I just got this Q&A in a newsletter from Erik Ledin of LeanBodies Consulting today and thought I’d share since I did something very much like this over the winter myself.
While it pains me to admit to any sort of error in judgment, I, too, had spent much too long at a deficit considering the amount of exercise I was performing regularly, and I knew I had to get my metabolism back to normal again before I found myself in that sad, hungry place where an 1800 calorie day with a full hour of hard exercise would still cause me to store fat. After reading a how-to on this topic by Dr. John Berardi, I systematically started to increase my intake while maintaining the same workout schedule until I had reached 2300-2400 calories per day. My scale weight steadily climbed until I reached 144-145 lbs because I had indeed slowed my metabolism down a bit through several consecutive rounds of caloric restriction with almost no planned maintenance periods in the past year.
But finally the weight gain stopped and I found that I was stabilized at that generous 2300-2400 range for over a month.
Only then did I start another fat loss cycle, this time with a much more moderate amount of calorie restriction. I now average 1700 calories a day with my zig zag of 1550 and 1850 calories, and I am steadily losing fat without shedding any muscle.
I’m not saying that the process was fun–seeing the scale move UP is really not amusing–but it was necessary. If you’ve been undereating for six months or more now, give some thought to taking a month or two to reset your metabolism. I think you’ll be surprised at how much stronger you will be and how much easier fat loss will go once you have revved up your body again.
I’ve been dieting for several months now and at first things were great but it seems like I’m not losing any more weight. I keep my calories pretty low, I’m doing lots of cardio, I’m eating clean foods still and yet, my progress seems to have stopped altogether. Someone told me I might have messed up my metabolism with all my dieting, and they know a lot more about this than I do. If that’s true, how do I fix it?
Damage to one’s metabolism is a very real phenomenon … and these days extremely common place. The relieving thing is that it’s generally repairable. First off, you need to lose the short term thinking and adopt a longer term mindset.
Even though this might go against ‘common wisdom’, you’re going to have to eat more, at least for a little while. You might find it hard to wrap your head around this concept, but trust me, it’s necessary. However, just ramping right up to an appropriate caloric intake isn’t necessarily the right approach for everyone. There is more than one way to approach the repair but I’d suggest you do it in steps – systematic and regular increases. This has the benefit of one, allowing you to gradually get used to eating more food, two, potentially preventing some fat regain, and three, maybe even causing some fat loss. So one approach is to take your present intake and just add 10-15% or so to it every week until you hit maintenance intake. Then you need to stay at maintenance for a couple of weeks before even considering going back into a caloric deficit. Might you gain some weight at maintenance? Maybe, but some will surely be water, muscle glycogen, etc. Again, long term versus short term thinking. You need to correct the problem before you can move past it. Two weeks at maintenance will make further fat loss much more likely when you return to a caloric deficit. Planned diet breaks are one of the most underrated dieting strategies out there.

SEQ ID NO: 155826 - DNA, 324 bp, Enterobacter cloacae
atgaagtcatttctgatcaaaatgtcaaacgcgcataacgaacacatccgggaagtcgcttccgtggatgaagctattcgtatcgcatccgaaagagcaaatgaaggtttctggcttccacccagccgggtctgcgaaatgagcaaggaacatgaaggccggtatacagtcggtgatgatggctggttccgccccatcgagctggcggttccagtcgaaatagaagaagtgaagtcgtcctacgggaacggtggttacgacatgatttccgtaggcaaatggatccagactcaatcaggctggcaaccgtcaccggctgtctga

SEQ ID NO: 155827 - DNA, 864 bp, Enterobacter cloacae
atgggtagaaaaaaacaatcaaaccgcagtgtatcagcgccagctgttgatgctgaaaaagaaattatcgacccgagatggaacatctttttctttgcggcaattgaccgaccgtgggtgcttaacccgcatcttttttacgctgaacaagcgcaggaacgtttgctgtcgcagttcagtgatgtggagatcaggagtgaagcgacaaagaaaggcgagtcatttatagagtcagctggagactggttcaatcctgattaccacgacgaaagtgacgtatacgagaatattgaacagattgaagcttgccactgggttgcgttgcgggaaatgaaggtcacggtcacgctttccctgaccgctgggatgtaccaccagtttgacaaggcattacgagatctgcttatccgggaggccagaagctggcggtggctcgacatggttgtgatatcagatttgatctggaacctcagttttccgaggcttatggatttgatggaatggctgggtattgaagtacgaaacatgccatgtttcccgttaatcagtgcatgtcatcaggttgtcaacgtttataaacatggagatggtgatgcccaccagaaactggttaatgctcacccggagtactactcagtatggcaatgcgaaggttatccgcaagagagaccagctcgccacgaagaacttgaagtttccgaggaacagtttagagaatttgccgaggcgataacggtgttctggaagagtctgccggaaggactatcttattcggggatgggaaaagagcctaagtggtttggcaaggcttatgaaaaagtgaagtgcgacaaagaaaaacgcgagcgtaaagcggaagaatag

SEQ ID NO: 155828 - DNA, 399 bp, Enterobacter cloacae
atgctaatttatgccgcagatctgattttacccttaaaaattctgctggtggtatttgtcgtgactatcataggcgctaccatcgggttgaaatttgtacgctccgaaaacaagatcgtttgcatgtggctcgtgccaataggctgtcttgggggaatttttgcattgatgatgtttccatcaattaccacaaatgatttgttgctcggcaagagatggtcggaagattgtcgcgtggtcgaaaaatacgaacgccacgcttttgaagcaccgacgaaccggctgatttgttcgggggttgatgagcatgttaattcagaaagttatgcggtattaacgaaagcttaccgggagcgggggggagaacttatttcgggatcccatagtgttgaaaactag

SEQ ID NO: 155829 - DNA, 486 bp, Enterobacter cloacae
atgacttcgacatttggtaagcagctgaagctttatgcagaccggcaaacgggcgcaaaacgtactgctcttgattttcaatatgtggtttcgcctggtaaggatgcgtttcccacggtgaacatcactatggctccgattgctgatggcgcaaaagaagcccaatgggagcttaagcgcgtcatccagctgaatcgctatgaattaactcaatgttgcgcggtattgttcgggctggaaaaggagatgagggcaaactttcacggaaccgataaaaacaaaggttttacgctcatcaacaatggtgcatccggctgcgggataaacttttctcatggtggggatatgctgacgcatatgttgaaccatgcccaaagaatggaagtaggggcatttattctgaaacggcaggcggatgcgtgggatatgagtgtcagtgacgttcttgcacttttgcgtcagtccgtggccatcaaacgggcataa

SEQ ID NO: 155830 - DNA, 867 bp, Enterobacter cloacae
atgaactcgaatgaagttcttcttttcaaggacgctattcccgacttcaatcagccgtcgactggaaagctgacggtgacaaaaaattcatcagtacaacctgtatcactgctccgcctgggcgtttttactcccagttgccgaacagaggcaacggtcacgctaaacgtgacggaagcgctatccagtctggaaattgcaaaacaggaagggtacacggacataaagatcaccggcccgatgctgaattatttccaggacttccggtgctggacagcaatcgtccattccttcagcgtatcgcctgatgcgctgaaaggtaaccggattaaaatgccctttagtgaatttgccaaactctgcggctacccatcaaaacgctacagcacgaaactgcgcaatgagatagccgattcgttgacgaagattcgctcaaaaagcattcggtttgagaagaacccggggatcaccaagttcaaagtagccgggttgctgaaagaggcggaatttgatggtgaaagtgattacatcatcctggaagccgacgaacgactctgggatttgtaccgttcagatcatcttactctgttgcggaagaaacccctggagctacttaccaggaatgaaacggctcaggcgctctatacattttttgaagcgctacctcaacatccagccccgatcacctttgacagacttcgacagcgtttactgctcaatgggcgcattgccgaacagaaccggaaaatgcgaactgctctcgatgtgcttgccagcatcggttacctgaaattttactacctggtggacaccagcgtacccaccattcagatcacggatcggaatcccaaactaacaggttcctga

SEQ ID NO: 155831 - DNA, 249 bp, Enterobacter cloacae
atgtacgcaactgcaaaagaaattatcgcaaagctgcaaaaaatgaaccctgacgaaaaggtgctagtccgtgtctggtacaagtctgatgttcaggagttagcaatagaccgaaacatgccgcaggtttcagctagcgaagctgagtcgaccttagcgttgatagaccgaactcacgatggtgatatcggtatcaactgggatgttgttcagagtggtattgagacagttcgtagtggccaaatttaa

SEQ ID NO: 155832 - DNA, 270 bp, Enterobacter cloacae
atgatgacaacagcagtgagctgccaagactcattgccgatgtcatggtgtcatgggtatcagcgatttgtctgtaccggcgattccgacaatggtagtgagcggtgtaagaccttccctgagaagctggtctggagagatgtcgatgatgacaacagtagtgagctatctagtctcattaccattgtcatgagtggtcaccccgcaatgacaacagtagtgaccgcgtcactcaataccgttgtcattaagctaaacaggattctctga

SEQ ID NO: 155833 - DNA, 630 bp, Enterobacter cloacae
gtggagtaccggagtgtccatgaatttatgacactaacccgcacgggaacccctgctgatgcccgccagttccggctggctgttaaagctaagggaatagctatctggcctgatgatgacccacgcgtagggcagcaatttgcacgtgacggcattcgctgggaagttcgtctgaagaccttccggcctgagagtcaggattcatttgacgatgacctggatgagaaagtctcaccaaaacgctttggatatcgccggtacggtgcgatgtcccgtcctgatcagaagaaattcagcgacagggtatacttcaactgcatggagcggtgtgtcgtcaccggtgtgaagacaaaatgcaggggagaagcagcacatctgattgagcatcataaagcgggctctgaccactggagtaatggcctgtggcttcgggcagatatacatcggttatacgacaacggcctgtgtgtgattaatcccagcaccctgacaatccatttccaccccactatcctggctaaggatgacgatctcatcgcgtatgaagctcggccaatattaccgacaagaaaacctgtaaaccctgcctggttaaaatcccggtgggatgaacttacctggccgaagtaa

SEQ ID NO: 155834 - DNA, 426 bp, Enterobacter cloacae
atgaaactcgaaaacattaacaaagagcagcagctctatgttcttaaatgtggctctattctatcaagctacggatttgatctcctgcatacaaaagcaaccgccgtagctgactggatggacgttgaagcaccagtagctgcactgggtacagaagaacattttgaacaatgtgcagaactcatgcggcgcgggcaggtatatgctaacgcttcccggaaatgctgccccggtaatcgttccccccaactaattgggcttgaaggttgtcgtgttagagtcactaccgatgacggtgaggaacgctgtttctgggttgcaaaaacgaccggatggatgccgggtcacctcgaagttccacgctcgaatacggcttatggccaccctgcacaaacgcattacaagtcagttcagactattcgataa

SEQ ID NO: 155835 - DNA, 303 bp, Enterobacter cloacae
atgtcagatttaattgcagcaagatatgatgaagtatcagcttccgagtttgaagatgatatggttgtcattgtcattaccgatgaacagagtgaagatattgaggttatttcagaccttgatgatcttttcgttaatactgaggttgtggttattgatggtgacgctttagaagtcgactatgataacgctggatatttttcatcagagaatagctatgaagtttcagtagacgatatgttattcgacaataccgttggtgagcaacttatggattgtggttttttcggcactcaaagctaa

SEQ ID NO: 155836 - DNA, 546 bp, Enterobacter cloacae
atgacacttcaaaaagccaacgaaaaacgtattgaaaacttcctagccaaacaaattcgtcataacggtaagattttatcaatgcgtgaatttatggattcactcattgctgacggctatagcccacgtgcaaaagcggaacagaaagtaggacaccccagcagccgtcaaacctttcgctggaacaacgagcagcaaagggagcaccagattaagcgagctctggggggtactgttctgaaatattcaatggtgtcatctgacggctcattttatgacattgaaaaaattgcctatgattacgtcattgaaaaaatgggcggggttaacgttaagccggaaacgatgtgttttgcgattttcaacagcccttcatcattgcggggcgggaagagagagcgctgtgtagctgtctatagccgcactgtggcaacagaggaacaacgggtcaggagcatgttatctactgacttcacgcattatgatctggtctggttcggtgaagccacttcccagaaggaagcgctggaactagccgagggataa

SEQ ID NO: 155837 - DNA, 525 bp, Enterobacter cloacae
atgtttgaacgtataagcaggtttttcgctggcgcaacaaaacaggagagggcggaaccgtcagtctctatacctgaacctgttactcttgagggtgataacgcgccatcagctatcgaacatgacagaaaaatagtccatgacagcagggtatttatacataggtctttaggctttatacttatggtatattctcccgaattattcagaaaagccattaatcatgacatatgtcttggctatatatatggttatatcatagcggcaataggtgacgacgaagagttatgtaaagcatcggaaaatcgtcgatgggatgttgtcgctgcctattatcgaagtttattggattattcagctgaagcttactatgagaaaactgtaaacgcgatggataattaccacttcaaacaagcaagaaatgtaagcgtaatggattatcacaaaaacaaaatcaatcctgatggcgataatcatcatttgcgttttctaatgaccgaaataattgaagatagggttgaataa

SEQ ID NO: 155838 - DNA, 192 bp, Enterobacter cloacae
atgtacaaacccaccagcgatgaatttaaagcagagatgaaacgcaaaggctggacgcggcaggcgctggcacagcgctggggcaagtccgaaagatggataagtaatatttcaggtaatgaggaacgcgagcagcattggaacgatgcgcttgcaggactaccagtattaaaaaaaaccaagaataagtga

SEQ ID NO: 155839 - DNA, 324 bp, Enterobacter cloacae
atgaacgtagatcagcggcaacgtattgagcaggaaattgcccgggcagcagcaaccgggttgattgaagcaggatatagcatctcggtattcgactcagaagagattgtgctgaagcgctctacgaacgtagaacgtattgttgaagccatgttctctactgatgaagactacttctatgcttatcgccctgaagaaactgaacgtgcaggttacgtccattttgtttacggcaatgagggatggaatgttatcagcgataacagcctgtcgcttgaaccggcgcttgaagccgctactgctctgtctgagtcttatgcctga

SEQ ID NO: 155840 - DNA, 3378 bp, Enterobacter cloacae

With a depressed metabolism you can generally assume somewhere in the neighbourhood of 14x bodyweight is going to be around maintenance. It might be a bit lower depending on how severe your caloric deficit has been and for how long, but keep in mind that metabolism is only going to slow so much. It doesn’t shut off. The generic numbers are 14-16x BW depending on metabolic issues. So, take the low number for yourself. Even if it’s still slightly low it’s a big increase from your current intake. It’s an approximation, but so are the more complicated equations.
When you return to dieting, take a moderate approach and shoot for approximately 12X bodyweight which is close to a 20% caloric deficit. Stay there for a couple weeks, assess your progress, and make adjustments as needed. If you’re getting leaner and your measurements have decreased, stay there. If you’re not, try decreasing calories by another 10% and reassess again two weeks later. Remember, all these general caloric recommendations are just approximations; they’re starting points. Everyone’s a bit different, so the key to long term success is being able to trouble shoot your program.
– TT Core B (10 min)
– TT Intervals (Treadmill) (19 min)
– YF Flexibility (30 min)
– Forza routines (30 min)
1) 1.25 c. WW cereal, 1/2 c. light soy milk, 3 egg whites
2) 1 c. light soy milk, 1 c. green tea, 1/2 scoop whey, 1 small apple
3) 3 oz. chicken breast, 1 c. mixed veggies, 1 oz. pecans
4) 1/3 c. 1% cottage cheese, 1/2 c. SF/FF strawberry yogurt, 1/2 c. grapes
5) 3 egg whites, 1 whole egg, 1 c. mixed veggies, 1 orange
6) 1 c. light soy milk, 1/2 scoop whey, 1/2 oz. walnuts
Supps: 1 multivitamin, 1 calcium 600+D, 6 fish oil caps, 1 serving l-glutamine